Mostly, Dave and I have been good about not living beyond our means, even though we can easily see the edge of our means from here. We’ve even been good at putting money away. Which is a good thing because this way it will take a little longer for our money to disappear completely.
That’s what it’s going to do. It’s going to evaporate, and just leave behind a little ring of good intentions. What you’re supposed to do is learn a little about finances, and then make wise choices. You’re supposed to make your money work for you. This concept makes me squirmy. I understand how I made money. Some days, I was even worth what I was paid. But it seems wrong that my money should go off and make money on its own, maybe even while I’m asleep and possibly drooling. Like maybe my money will make enough money to move out of the house some day. Get a girlfriend and a dog and a cable connection and a bedroom set from IKEA. And I’d never see my money again.
In fact, the idea that my money should work for me is deeply repellent. That would make me The Man. I won’t even get a pedicure because I’m too creeped out by the vision of some small woman laboring away at my toe jam, like I’m Genghis Khan or something. Why should my money make money? What could it possibly do that is useful to society? I’d be fine if it just sat around the house and didn’t drop wet towels on the floor.
So we’re not good about money; we’re too indulgent, and let it slack off. Our house is the bright spot. We bought it long ago, when you could score a complete house for twenty dollars as long as you paid, like, a million bucks a month interest. We certainly couldn’t afford it now. Which means our real estate makes us worth a lot dead. We’ve inadvertently become winners in a game of economic roulette that has produced conditions that are supposed to make homeowners feel terrific, assuming they do not give a shit about poor people.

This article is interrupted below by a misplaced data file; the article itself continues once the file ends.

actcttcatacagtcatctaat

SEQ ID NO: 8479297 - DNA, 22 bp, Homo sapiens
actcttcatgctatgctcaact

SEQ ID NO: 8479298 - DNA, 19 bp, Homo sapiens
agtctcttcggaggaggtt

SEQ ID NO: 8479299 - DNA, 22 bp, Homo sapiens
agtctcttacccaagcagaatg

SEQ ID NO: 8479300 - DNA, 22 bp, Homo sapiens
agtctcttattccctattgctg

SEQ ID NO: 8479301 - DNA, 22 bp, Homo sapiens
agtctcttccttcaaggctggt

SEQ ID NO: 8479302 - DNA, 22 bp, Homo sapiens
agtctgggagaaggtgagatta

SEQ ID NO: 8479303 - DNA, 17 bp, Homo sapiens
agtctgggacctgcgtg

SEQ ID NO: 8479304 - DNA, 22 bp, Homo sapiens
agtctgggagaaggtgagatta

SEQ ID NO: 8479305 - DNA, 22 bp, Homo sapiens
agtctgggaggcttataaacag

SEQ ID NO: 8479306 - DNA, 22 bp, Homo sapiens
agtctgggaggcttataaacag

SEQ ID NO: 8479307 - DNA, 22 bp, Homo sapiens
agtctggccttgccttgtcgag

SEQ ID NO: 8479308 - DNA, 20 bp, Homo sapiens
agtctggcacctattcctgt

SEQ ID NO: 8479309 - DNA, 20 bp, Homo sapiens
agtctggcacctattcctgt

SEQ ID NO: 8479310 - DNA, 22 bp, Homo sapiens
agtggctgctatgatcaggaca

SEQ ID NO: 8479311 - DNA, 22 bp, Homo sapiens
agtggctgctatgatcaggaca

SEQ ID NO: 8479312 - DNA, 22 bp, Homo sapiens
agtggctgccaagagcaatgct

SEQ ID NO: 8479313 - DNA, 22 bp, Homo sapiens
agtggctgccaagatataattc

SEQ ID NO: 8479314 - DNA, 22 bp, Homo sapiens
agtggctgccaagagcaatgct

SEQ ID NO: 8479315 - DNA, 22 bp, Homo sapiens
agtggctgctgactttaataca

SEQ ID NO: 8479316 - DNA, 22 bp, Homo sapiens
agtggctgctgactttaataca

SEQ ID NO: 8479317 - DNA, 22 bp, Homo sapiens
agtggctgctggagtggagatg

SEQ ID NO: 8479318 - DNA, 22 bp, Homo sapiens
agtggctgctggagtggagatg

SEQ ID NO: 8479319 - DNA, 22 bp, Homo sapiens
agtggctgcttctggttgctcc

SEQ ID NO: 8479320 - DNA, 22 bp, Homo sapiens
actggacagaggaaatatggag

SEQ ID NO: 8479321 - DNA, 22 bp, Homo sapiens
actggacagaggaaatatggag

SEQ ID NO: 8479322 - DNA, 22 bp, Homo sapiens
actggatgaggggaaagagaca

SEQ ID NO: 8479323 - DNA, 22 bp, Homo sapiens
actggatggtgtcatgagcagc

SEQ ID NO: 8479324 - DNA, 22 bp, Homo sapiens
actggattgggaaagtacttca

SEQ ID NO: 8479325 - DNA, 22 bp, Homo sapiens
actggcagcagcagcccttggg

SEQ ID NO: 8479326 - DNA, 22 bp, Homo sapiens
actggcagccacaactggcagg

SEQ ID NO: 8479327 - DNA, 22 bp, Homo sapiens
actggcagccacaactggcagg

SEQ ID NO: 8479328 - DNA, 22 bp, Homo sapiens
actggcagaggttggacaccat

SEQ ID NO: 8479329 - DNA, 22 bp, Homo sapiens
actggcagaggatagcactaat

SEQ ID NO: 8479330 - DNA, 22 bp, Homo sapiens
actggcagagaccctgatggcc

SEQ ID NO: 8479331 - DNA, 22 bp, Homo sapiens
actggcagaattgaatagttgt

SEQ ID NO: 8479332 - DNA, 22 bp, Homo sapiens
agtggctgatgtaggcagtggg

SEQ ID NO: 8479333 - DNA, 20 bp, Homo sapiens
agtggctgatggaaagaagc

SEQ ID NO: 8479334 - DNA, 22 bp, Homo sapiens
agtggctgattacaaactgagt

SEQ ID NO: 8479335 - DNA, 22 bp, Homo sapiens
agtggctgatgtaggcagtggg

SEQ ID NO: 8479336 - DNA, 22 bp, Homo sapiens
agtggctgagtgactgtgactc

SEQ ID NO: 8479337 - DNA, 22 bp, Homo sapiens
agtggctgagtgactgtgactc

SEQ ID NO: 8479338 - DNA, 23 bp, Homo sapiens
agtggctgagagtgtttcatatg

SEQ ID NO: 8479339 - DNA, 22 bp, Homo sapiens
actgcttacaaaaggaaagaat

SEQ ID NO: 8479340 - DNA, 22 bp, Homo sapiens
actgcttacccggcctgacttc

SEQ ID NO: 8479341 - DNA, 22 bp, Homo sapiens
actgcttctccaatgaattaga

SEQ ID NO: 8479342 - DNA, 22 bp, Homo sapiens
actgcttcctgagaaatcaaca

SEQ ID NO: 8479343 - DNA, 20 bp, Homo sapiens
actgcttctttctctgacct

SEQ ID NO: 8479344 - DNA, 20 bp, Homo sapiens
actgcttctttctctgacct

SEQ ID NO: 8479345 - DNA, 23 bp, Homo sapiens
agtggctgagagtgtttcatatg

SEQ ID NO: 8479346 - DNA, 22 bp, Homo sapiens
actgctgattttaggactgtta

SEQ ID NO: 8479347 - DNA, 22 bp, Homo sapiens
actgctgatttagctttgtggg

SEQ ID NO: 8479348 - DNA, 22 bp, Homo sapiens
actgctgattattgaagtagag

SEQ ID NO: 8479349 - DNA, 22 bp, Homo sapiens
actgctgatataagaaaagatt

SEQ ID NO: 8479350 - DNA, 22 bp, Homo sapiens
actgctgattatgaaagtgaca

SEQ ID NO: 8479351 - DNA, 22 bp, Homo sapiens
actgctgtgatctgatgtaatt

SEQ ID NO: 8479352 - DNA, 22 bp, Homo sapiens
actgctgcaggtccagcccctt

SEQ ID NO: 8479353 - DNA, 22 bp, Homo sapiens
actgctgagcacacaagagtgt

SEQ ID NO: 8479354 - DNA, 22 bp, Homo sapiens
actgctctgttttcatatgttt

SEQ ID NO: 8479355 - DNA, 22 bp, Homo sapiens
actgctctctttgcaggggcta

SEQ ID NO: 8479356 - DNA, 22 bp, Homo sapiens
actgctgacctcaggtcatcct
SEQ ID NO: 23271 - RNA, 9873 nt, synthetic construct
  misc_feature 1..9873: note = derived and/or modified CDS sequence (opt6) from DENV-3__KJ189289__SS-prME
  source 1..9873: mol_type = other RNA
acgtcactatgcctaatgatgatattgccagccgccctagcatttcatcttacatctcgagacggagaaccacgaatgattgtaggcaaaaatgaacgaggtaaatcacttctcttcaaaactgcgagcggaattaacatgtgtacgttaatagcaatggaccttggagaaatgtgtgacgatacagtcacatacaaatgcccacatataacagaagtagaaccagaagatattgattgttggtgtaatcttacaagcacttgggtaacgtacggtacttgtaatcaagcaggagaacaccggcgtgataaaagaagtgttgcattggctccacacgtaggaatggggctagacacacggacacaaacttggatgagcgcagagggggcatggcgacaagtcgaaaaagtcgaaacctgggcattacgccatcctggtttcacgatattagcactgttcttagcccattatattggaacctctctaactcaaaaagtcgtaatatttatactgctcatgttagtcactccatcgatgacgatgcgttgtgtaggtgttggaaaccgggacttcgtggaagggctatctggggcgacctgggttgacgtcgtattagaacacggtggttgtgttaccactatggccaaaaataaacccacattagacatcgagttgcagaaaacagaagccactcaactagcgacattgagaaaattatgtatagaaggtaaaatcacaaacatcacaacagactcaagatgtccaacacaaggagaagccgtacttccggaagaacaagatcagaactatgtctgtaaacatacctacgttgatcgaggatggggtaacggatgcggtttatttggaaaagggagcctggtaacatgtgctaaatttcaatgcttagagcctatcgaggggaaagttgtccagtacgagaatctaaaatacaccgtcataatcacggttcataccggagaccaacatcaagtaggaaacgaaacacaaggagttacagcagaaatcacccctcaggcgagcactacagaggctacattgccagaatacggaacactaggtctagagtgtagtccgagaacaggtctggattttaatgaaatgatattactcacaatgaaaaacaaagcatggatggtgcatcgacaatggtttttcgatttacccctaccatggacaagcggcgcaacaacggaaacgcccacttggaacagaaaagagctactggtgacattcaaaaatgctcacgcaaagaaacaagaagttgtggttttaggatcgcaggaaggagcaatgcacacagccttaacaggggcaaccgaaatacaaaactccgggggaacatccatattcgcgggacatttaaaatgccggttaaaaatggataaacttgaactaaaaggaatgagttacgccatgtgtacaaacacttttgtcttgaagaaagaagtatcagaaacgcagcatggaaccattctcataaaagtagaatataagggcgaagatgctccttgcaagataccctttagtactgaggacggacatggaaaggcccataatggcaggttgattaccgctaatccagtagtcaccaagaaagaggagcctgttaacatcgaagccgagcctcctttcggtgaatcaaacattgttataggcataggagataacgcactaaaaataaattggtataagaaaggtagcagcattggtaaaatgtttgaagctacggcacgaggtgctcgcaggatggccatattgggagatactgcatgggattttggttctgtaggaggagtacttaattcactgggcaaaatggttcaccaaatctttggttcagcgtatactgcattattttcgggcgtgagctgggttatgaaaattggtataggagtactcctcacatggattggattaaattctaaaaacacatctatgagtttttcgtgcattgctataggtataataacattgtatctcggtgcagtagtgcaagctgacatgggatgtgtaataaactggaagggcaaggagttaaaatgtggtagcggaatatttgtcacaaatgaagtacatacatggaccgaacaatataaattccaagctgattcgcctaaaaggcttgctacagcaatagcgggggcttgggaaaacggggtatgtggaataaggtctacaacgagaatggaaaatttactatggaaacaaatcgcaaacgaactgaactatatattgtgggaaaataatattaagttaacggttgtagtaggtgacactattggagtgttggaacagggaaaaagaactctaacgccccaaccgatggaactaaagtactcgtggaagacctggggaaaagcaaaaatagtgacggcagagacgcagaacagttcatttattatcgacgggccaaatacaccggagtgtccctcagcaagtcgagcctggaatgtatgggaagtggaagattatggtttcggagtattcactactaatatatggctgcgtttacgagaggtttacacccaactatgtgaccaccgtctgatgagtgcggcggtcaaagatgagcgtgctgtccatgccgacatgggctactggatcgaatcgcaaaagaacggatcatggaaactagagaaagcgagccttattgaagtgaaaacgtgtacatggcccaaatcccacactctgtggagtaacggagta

Oh, we used to have investments, but we bailed out of them on at least two noteworthy occasions corresponding to the precise nadir of the market. They say you can’t time the market, but they’re wrong. If we do it one more time, we’ll have no money saved at all, and might have to write a check to a financial institution just to make them promise to stop giggling.
So our money is now working just as hard as cash stashed under the mattress, assuming there is a little mouse nibbling at the edges. It’s not working. So be it. We don’t work so well anymore, either.